The idea for this work was prompted by a poem - Hymn Before Sunrise - which describes the majesty of a mountain in darkness, the sounds of a nearby waterfall and so on. Nothing came of the exposure to these pictures except for general thoughts about the dawn of day and a series of movements expressing a personal response to the wonder of creation in an imaginary moment in time. The movement titles, which were added later, are intended to underline a prevailing sense of worship, wonder and exaltation. The music is pure, not pictoral, though listeners may conjure their own images. An actual hymn - Tallis' Cannon - is incorporated. There are five movements: 1. Thanksgiving: A short prelude in two parts. First a brief passage of 'dawn music' before things become more vigorous: fanfare-like music ushers in the trombone section's presentation of the Tallis tune. A broad band version concludes the movement. 2. De Profundis: A slow movement shot through with anxious questionings featuring flugel and trombone. The mood lightens a little in the centre where the soprano cornet is featured and the movement ends serenely. 3. Celebration is characterised by rhythmic drive, this is buoyant with plenty of incident pointed up by the percussion. 4. Invocation: Melodic in nature and sober in mood, the first section is a series of short solos mingled with chorale-like statements. Central to the movement is a chorale-prelude style presentation of the Tallis tune. The third section reintroduces the earlier solo music by the full ensemble. Dissolving, the music enters the last movement without a break. 5. Paean: Marked allegro con spirito there is, quite rightly, a fair amount of fun in the rejoicing. Snatches of Tallis are heard, then comes a gentle passage with a cornet solo leading to fanfare music and recapitulation. Two recitatives are succeeded by a coda which brings the work to a sonorous and exultant conclusion.

    Estimated delivery 5-7 days
  • £48.00

    Hymn at Sunrise (Parts only) - Ray Steadman-Allen

    The idea for this work was prompted by a poem - Hymn Before Sunrise - which describes the majesty of a mountain in darkness, the sounds of a nearby waterfall and so on. Nothing came of the exposure to these pictures except for general thoughts about the dawn of day and a series of movements expressing a personal response to the wonder of creation in an imaginary moment in time. The movement titles, which were added later, are intended to underline a prevailing sense of worship, wonder and exaltation. The music is pure, not pictoral, though listeners may conjure their own images. An actual hymn - Tallis' Cannon - is incorporated. There are five movements: 1. Thanksgiving: A short prelude in two parts. First a brief passage of 'dawn music' before things become more vigorous: fanfare-like music ushers in the trombone section's presentation of the Tallis tune. A broad band version concludes the movement. 2. De Profundis: A slow movement shot through with anxious questionings featuring flugel and trombone. The mood lightens a little in the centre where the soprano cornet is featured and the movement ends serenely. 3. Celebration is characterised by rhythmic drive, this is buoyant with plenty of incident pointed up by the percussion. 4. Invocation: Melodic in nature and sober in mood, the first section is a series of short solos mingled with chorale-like statements. Central to the movement is a chorale-prelude style presentation of the Tallis tune. The third section reintroduces the earlier solo music by the full ensemble. Dissolving, the music enters the last movement without a break. 5. Paean: Marked allegro con spirito there is, quite rightly, a fair amount of fun in the rejoicing. Snatches of Tallis are heard, then comes a gentle passage with a cornet solo leading to fanfare music and recapitulation. Two recitatives are succeeded by a coda which brings the work to a sonorous and exultant conclusion.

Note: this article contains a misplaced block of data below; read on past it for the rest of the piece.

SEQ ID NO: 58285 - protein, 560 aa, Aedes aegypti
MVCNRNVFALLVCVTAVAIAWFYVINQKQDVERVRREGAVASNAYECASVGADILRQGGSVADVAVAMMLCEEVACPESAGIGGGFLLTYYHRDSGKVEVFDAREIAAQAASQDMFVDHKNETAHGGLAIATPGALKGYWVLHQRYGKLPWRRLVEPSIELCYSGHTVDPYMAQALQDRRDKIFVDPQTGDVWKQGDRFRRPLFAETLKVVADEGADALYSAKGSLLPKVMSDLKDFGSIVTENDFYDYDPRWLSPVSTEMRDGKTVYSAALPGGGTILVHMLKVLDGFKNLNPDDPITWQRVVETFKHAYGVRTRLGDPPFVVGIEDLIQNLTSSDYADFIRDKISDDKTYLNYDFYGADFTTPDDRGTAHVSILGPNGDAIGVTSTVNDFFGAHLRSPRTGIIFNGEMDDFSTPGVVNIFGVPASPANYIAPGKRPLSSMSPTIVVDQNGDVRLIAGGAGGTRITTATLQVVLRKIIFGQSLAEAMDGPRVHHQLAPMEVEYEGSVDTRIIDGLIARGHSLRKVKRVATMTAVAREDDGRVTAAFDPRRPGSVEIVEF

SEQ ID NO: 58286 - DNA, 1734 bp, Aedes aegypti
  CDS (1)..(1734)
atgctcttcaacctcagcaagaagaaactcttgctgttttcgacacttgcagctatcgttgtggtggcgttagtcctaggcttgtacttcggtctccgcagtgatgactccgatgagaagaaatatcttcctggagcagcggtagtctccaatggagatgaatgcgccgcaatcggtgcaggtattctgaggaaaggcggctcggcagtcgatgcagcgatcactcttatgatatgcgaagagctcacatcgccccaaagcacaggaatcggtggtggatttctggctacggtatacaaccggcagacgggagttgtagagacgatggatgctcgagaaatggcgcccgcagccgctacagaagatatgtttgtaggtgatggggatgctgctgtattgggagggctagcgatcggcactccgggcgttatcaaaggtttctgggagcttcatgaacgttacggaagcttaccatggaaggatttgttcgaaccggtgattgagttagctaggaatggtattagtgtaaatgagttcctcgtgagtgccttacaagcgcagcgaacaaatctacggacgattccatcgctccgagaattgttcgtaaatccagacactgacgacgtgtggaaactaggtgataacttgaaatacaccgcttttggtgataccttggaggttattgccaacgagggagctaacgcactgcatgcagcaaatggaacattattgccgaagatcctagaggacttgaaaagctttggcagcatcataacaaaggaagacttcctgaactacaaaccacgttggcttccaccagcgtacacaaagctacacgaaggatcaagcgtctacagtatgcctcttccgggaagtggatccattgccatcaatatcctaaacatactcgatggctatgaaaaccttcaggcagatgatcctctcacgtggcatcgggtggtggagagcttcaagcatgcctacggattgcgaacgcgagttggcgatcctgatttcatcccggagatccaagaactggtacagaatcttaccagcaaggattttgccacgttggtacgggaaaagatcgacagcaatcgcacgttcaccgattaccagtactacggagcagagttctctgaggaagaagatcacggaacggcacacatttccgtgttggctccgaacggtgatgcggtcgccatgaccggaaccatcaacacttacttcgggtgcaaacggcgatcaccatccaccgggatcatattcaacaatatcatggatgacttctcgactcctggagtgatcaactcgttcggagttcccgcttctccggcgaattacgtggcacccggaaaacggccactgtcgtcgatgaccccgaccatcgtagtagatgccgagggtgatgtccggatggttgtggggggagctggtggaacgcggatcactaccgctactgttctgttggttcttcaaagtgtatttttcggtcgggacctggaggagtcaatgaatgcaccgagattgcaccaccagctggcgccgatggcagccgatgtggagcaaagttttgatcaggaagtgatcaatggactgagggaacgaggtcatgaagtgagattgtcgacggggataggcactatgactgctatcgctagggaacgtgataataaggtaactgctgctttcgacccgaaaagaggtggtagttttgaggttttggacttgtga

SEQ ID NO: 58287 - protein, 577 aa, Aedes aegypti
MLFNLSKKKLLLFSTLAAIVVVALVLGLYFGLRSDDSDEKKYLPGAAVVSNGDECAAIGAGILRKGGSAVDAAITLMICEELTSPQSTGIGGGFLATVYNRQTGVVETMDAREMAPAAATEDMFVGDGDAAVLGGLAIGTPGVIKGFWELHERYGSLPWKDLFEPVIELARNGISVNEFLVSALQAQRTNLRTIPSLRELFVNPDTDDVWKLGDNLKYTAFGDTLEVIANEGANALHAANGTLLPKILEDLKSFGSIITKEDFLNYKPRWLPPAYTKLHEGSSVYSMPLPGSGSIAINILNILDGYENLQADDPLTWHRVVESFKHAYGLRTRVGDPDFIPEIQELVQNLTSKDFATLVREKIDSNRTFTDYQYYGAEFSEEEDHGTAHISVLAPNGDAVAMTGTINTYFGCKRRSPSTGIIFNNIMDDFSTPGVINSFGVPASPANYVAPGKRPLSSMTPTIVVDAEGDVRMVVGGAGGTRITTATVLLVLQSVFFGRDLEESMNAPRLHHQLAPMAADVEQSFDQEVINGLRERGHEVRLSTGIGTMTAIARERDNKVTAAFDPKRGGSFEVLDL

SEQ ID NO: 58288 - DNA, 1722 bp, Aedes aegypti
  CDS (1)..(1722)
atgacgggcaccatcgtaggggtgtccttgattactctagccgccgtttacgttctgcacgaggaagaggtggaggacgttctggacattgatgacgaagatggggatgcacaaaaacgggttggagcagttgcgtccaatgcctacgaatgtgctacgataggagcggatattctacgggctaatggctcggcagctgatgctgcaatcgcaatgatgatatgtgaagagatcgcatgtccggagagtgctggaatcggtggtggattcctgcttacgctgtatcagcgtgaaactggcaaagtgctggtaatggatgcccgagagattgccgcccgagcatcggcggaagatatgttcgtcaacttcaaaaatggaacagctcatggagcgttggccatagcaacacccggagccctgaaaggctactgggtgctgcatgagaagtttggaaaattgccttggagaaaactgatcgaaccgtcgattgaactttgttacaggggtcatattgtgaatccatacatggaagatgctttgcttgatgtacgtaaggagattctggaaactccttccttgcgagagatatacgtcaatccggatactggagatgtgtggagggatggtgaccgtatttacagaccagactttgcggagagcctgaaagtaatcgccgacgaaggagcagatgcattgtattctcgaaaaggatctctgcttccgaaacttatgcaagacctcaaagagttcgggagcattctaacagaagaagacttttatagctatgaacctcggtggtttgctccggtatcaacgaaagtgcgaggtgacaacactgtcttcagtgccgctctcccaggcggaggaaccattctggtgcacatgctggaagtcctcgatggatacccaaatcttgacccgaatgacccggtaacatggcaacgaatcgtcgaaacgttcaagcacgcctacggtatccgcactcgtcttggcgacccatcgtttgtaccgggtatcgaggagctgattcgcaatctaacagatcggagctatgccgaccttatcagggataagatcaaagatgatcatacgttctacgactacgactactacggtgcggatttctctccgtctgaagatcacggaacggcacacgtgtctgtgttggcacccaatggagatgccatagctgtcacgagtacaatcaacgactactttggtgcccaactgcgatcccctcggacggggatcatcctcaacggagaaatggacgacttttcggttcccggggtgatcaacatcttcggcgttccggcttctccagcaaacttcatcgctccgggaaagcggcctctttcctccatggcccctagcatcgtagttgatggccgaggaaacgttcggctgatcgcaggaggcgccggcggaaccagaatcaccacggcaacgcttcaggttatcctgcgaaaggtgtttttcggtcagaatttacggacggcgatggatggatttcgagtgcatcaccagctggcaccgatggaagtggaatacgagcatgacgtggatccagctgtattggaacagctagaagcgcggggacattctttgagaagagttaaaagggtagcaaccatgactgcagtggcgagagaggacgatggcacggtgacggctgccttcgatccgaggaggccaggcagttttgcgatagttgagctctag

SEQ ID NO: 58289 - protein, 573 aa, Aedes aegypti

Estimated delivery 5-7 days
  • £90.00

    Cambridgeshire Impressions - Rieks van der Velde

    In a four-part composition Rieks van der Velde takes us to the richly varied area surrounding the university city of Cambridge. The Dutch composer was especially inspired by the atmosphere of Cambridgeshire, the county which lies north of London. 1. The Journey. Although on arrival the area looks peaceful and friendly, the ruggedness of its inhabitants and landscape have an unmistakable influence on the music. In the course of the tour, which starts with an Allegro movement, we are shown the vitality, energy and freshness of the Cambridgeshire countryside. Short themes, swift and sudden motifs and rhythmical patterns supported by the drive of percussion instruments give expression to this image. The first part is concluded by two Calmo movements in which the music expresses how the cathedral in the city of Ely comes into sight and is gradually approached. 2. Visit to Ely Cathedral. The famous Norman cathedral church of Ely, which was built in 1109, has attracted tourists from all over the world apart from being a place of worship and heritage site. A cornet solo introduces the contemplative mood of the composition at this point. The mystical atmosphere of the cathedral runs through this lyrical part like a continuous thread. 3. The Pub. The thirst caused by this intensive journey makes a visit to the local pub a definite must. These "public houses", which may be open until the early hours of the morning, offer all kinds of entertainment. Drinks are served liberally and the atmosphere is lively. 4. The Journey Back. Time has flown: In other words, the moment of departure has come sooner than one would have wished. In a flashback which recaptures elements of the first part of the composition we say goodbye to Cambridgeshire in a fitting manner. Two scintillating final measures bring us abruptly back to the present.